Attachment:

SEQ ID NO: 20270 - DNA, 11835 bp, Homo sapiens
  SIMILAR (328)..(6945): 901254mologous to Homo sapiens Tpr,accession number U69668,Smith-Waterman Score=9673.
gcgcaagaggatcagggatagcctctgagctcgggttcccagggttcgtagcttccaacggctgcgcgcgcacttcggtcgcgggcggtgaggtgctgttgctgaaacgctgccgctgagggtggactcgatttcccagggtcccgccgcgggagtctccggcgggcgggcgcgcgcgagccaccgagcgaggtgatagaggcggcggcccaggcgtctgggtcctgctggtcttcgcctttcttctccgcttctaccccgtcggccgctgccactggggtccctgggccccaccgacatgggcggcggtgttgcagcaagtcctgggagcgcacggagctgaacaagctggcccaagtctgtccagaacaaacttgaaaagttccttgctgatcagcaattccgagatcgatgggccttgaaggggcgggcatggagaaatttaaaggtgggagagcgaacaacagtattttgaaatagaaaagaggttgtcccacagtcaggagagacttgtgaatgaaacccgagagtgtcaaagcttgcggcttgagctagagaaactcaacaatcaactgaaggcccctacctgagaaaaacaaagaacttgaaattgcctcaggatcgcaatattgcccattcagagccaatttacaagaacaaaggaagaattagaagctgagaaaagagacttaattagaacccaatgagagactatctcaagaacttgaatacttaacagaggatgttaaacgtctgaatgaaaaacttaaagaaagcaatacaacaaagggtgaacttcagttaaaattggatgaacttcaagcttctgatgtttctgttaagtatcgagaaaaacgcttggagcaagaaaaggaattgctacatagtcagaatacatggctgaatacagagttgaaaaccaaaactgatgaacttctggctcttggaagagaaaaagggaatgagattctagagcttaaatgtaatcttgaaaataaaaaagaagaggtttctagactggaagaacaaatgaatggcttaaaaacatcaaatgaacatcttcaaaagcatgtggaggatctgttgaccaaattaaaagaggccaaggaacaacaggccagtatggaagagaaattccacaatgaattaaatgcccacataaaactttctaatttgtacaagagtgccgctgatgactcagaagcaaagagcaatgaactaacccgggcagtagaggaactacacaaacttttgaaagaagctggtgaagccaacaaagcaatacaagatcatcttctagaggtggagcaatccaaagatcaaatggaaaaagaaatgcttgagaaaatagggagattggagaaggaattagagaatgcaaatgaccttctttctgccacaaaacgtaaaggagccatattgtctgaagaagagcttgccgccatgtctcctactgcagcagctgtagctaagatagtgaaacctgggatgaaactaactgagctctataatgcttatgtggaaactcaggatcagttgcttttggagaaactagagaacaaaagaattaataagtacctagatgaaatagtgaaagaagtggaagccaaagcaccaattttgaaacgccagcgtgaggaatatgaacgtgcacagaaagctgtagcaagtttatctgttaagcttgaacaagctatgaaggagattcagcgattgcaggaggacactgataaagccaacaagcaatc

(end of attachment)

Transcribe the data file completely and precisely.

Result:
SEQ ID NO: 20270 - DNA, 11835 bp, Homo sapiens
  SIMILAR (328)..(6945): 901254mologous to Homo sapiens Tpr,accession number U69668,Smith-Waterman Score=9673.
gcgcaagaggatcagggatagcctctgagctcgggttcccagggttcgtagcttccaacggctgcgcgcgcacttcggtcgcgggcggtgaggtgctgttgctgaaacgctgccgctgagggtggactcgatttcccagggtcccgccgcgggagtctccggcgggcgggcgcgcgcgagccaccgagcgaggtgatagaggcggcggcccaggcgtctgggtcctgctggtcttcgcctttcttctccgcttctaccccgtcggccgctgccactggggtccctgggccccaccgacatgggcggcggtgttgcagcaagtcctgggagcgcacggagctgaacaagctggcccaagtctgtccagaacaaacttgaaaagttccttgctgatcagcaattccgagatcgatgggccttgaaggggcgggcatggagaaatttaaaggtgggagagcgaacaacagtattttgaaatagaaaagaggttgtcccacagtcaggagagacttgtgaatgaaacccgagagtgtcaaagcttgcggcttgagctagagaaactcaacaatcaactgaaggcccctacctgagaaaaacaaagaacttgaaattgcctcaggatcgcaatattgcccattcagagccaatttacaagaacaaaggaagaattagaagctgagaaaagagacttaattagaacccaatgagagactatctcaagaacttgaatacttaacagaggatgttaaacgtctgaatgaaaaacttaaagaaagcaatacaacaaagggtgaacttcagttaaaattggatgaacttcaagcttctgatgtttctgttaagtatcgagaaaaacgcttggagcaagaaaaggaattgctacatagtcagaatacatggctgaatacagagttgaaaaccaaaactgatgaacttctggctcttggaagagaaaaagggaatgagattctagagcttaaatgtaatcttgaaaataaaaaagaagaggtttctagactggaagaacaaatgaatggcttaaaaacatcaaatgaacatcttcaaaagcatgtggaggatctgttgaccaaattaaaagaggccaaggaacaacaggccagtatggaagagaaattccacaatgaattaaatgcccacataaaactttctaatttgtacaagagtgccgctgatgactcagaagcaaagagcaatgaactaacccgggcagtagaggaactacacaaacttttgaaagaagctggtgaagccaacaaagcaatacaagatcatcttctagaggtggagcaatccaaagatcaaatggaaaaagaaatgcttgagaaaatagggagattggagaaggaattagagaatgcaaatgaccttctttctgccacaaaacgtaaaggagccatattgtctgaagaagagcttgccgccatgtctcctactgcagcagctgtagctaagatagtgaaacctgggatgaaactaactgagctctataatgcttatgtggaaactcaggatcagttgcttttggagaaactagagaacaaaagaattaataagtacctagatgaaatagtgaaagaagtggaagccaaagcaccaattttgaaacgccagcgtgaggaatatgaacgtgcacagaaagctgtagcaagtttatctgttaagcttgaacaagctatgaaggagattcagcgattgcaggaggacactgataaagccaacaagcaatc